- On Monday, Malaysians working in Singapore celebrated happy reunions with their families.
- After the border closed in March 2020, more than 100,000 Malaysians were estimated to be trapped on the island.
Malaysians working in Singapore celebrated joyful reunions with their loved ones on Monday, following the partial reopening of the land border blocked for nearly two years due to the pandemic.
Strong security safeguards, including pre-departure and on-arrival COVID-19 tests, were in place as buses brought fully vaccinated passengers across the Causeway Bridge, connecting Singapore’s island and the Malaysian peninsula.
A COVID-19 case was detected during screening in Johor state’s southern region, according to Malaysian Health Minister Khairy Jamaluddin, who did not clarify.
“There will be positive cases at entry points when we safely reopen our borders. Risk assessment, seclusion, and close contact monitoring will become commonplace, “he stated.
Only 1,440 people per day from each side are allowed in the initial phase, and they must be citizens, permanent residents, or long-term pass holders. Before the epidemic, the Causeway was one of the busiest land borders in the world.
Air travel between the two countries was also resumed Monday with minimal restrictions, allowing anyone fully vaccinated to travel between the two countries quarantine-free.
“I haven’t seen her in over a year, and when I see her today, I’m pleased, I’m really glad,” Siva Ganesan, a retiree, said after greeting his wife, Uma Devi Balakrishnan, at the bus terminal in Johor state’s southern region. His wife is a cleaner in Singapore who became stuck when the border was closed.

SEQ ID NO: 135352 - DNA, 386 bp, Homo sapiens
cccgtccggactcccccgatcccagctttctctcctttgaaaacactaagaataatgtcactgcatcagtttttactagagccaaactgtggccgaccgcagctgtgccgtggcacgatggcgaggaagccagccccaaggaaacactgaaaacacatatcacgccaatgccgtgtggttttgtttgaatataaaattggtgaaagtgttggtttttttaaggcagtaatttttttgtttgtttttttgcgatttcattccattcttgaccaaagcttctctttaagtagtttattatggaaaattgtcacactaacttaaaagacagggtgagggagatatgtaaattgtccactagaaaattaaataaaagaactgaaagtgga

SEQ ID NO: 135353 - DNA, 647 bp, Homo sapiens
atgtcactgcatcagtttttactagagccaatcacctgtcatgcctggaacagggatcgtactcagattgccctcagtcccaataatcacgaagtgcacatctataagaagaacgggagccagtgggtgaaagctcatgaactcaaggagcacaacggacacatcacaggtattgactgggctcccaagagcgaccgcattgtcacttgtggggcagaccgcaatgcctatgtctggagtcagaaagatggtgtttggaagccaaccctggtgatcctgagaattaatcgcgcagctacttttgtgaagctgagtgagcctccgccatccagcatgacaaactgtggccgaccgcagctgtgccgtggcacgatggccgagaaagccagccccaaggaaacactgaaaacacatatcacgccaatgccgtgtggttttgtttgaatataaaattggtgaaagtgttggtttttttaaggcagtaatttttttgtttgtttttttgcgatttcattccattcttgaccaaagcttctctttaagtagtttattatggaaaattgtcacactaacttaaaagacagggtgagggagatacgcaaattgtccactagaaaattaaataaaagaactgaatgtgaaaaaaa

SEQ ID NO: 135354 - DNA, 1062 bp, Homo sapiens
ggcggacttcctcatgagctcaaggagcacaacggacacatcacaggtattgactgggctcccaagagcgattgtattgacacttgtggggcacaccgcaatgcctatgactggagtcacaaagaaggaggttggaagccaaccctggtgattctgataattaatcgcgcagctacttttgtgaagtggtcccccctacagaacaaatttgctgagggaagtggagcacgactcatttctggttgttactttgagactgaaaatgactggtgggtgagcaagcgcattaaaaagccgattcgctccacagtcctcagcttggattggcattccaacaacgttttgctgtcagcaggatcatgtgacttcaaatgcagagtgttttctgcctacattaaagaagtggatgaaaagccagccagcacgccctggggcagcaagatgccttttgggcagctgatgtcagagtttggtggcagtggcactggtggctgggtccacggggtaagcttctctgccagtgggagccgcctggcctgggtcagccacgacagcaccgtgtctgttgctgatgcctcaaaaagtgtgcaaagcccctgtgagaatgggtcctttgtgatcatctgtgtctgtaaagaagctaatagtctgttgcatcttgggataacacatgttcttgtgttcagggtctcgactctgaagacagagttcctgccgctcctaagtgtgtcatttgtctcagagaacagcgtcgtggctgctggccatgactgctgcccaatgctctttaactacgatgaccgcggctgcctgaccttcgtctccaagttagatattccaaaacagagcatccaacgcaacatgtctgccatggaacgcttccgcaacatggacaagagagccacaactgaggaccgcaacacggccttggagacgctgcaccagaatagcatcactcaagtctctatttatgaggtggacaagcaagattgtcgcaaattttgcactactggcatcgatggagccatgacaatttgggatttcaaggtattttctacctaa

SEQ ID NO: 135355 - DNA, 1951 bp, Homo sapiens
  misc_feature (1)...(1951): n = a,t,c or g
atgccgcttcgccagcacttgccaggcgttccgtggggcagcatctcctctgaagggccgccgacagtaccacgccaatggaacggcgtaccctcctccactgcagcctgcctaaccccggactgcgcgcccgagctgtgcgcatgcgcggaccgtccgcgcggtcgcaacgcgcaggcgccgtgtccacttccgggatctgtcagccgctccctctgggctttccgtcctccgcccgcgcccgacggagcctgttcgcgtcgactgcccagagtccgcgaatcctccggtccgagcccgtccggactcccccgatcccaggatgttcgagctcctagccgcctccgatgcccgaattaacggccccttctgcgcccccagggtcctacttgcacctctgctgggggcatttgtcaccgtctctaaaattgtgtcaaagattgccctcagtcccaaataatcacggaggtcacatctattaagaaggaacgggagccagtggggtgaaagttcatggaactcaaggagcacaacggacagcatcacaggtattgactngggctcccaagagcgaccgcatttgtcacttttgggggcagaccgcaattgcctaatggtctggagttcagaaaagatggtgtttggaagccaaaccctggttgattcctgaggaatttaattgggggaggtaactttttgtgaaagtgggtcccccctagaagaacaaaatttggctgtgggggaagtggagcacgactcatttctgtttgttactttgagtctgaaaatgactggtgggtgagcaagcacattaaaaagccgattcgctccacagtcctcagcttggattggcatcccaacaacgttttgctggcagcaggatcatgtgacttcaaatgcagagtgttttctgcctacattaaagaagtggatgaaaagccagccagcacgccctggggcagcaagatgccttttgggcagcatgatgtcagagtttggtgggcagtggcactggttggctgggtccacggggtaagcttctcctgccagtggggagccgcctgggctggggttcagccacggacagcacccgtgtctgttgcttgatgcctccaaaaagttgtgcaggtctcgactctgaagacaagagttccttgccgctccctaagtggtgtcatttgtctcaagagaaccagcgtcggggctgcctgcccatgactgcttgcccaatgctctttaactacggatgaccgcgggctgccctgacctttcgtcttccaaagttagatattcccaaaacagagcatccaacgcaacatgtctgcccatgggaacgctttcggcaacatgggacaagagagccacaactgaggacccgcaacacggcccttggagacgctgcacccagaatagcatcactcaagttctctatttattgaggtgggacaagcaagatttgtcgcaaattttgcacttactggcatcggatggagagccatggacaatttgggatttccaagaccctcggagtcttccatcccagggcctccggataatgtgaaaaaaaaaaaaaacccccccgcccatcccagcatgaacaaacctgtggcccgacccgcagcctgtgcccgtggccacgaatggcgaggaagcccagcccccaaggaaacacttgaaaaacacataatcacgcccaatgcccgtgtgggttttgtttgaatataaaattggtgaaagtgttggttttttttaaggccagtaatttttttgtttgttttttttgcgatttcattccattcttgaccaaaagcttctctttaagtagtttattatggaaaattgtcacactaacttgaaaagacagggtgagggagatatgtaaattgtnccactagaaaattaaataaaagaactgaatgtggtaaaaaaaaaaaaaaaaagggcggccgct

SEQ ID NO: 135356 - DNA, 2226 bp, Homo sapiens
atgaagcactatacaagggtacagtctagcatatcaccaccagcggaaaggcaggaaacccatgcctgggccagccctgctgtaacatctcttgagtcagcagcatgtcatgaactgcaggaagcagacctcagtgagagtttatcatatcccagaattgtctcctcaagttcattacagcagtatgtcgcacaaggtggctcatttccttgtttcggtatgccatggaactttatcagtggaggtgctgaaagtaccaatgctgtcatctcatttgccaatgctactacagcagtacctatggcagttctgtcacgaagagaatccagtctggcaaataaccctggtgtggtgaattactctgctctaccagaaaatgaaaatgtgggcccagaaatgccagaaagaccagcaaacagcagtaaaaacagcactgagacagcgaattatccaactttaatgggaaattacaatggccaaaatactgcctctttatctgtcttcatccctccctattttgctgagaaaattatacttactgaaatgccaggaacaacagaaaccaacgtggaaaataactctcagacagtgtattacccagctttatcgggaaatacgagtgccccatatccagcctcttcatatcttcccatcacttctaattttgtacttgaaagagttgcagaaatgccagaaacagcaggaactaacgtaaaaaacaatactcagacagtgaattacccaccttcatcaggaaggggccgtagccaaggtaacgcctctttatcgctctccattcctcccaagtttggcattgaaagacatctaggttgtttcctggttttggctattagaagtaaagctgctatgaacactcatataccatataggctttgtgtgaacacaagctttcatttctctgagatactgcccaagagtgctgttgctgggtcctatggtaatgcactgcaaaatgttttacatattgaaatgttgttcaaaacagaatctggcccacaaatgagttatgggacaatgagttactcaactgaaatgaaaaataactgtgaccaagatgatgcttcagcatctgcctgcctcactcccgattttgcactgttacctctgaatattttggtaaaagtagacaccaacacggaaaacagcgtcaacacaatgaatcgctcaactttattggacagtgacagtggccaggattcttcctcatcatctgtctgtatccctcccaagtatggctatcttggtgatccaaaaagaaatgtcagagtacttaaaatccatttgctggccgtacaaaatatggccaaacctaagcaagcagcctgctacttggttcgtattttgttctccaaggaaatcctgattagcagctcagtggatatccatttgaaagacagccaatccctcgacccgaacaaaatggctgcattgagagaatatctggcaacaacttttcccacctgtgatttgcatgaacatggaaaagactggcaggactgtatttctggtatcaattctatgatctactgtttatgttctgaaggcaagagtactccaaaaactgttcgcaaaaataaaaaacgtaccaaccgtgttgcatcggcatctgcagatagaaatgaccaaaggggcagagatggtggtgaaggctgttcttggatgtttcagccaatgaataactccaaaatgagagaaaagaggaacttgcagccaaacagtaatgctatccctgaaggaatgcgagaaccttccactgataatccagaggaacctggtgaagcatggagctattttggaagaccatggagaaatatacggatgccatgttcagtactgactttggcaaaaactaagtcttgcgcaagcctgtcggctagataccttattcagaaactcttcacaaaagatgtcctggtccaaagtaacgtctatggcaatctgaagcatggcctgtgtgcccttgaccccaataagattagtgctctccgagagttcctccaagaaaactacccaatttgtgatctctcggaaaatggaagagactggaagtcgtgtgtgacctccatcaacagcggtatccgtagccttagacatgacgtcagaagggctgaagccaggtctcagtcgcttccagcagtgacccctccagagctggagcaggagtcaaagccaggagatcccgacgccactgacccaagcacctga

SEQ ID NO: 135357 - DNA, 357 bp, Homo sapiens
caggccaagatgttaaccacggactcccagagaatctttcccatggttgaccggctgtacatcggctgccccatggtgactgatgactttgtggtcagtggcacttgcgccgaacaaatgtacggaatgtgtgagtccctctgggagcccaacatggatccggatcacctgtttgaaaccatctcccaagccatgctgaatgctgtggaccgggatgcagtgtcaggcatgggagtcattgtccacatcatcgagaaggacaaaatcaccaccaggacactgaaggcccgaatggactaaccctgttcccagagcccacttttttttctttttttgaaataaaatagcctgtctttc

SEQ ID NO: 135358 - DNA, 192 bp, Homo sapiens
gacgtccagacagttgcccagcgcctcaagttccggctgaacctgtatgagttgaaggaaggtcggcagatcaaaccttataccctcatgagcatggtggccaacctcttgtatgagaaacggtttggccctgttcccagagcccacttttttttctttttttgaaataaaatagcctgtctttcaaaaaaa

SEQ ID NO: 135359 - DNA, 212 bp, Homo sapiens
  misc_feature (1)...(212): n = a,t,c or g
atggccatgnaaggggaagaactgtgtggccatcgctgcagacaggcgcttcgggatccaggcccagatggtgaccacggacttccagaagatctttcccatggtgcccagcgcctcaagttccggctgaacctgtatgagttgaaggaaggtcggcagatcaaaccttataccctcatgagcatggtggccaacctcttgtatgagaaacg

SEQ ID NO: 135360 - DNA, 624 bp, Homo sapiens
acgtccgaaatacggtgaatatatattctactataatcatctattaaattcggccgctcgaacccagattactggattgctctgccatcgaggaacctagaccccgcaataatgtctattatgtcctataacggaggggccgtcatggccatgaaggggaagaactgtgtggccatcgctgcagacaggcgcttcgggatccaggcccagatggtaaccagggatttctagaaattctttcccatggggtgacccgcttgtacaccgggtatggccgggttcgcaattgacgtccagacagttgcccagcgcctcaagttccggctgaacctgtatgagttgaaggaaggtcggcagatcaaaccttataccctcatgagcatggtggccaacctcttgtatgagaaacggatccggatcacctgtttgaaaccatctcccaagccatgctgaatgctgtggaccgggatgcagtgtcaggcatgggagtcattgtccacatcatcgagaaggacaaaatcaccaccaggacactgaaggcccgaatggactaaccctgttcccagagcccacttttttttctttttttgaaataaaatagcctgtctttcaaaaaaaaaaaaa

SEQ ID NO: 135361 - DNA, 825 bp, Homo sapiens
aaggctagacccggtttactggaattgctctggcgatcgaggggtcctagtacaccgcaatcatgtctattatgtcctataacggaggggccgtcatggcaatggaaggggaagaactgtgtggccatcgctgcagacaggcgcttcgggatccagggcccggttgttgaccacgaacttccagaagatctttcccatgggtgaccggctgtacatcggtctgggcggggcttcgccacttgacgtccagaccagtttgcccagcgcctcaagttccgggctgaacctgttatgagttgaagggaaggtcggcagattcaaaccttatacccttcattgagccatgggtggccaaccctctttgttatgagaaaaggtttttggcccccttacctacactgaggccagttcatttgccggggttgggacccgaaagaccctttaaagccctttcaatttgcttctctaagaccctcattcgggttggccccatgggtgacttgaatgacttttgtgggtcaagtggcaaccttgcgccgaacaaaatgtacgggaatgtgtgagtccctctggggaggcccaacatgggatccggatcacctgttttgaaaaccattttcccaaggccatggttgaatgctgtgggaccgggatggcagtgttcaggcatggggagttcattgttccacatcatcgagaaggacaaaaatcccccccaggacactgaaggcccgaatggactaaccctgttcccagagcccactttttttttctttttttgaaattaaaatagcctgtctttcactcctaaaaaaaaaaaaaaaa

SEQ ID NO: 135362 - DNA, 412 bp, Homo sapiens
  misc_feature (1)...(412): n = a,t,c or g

A Malaysian guy kissed and caressed his baby, whom he had never met before, while another woman sobbed in her father’s arms. After the border closed in March 2020, more than 100,000 Malaysians were estimated to be trapped on the island.
“It’s odd; it doesn’t feel real because it’s been a long time since I’ve been home,” Malaysian Cheong Weng Yin said. “Until I stepped foot here, I was quite nervous.”
Chua Pei Sze and her two daughters, ages 10 and 7, were first in line for the first bus to Malaysia. “Finally, we’ll be able to bring my girls to see their grandmother in person… video chats aren’t enough,” said the 43-year-old shipping executive.
Kavin Raj, 24, said he’d surprise his family because they had no idea he’d gotten a ticket on the first bus. “First and foremost, I would say that I will have a fantastic supper in Malaysia,” he exclaimed.
Before it was closed, more than 350,000 people a day crossed the Causeway, largely Malaysians working in Singapore because of the favorable exchange rate.
The two countries have stated that the restrictions on land border crossings will be gradually eased to allow general travelers and types of transportation other than buses to cross.
A second land link is likely to be restored soon. In Singapore, 85 percent of the population has been vaccinated, and in Malaysia, roughly 80 percent has been vaccinated.
Source: Global News
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